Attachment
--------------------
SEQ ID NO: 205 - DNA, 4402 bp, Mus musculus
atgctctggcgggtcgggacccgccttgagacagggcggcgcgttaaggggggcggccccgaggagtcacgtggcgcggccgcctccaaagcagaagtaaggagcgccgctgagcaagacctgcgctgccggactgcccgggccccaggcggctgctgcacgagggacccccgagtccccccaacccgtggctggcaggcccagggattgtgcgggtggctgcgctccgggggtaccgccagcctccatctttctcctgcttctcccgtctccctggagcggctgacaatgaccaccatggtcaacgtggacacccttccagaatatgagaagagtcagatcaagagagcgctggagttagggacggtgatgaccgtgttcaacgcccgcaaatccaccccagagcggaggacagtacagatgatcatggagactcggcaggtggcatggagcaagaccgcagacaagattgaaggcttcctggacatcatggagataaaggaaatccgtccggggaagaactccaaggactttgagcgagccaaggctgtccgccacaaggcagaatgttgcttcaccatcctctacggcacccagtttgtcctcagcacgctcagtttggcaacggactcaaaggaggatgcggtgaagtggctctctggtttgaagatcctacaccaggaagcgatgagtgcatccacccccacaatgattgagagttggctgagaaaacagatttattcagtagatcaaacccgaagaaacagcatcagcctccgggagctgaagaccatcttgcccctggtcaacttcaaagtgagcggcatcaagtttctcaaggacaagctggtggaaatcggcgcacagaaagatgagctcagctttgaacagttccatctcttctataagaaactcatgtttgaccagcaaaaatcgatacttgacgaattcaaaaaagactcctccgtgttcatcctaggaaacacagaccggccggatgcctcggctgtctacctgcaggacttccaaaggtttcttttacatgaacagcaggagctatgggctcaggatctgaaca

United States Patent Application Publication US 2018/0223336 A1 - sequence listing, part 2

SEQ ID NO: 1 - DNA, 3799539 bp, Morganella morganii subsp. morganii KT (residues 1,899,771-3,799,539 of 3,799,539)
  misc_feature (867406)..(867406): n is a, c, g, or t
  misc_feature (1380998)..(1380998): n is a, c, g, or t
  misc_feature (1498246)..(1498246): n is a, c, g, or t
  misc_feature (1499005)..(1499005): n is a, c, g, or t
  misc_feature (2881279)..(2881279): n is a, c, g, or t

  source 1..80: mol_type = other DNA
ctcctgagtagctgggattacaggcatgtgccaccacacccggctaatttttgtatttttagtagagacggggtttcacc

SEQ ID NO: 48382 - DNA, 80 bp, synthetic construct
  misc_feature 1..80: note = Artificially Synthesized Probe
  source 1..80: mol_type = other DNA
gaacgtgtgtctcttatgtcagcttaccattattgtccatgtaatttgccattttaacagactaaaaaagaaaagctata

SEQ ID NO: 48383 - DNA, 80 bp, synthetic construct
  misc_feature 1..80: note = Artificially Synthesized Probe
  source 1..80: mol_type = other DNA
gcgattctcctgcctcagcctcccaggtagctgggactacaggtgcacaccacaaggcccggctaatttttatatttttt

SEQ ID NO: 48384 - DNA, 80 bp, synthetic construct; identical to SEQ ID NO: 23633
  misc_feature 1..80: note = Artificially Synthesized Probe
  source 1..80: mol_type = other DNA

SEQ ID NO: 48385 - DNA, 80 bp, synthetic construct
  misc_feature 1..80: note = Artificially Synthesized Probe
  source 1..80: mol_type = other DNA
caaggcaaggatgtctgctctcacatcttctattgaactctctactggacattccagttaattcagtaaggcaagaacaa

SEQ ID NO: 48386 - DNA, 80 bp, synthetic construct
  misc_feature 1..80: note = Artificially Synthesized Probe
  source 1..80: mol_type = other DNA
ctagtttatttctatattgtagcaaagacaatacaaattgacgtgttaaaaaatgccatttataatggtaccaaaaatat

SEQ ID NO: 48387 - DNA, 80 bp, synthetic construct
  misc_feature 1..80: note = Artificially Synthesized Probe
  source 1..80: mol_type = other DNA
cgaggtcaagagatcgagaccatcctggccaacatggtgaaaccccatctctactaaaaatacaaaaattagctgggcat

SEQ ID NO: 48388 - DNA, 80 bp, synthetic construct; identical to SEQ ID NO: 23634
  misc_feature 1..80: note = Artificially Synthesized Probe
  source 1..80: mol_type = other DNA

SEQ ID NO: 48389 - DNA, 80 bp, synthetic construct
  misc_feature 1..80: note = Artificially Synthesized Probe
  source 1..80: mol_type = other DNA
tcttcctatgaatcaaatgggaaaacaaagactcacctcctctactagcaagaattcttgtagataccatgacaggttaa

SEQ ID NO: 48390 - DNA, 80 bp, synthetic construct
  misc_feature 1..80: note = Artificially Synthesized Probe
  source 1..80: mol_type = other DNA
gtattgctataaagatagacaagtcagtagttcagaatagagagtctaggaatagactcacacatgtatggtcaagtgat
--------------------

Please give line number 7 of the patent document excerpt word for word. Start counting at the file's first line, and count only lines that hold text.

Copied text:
  misc_feature (1498246)..(1498246): n is a, c, g, or t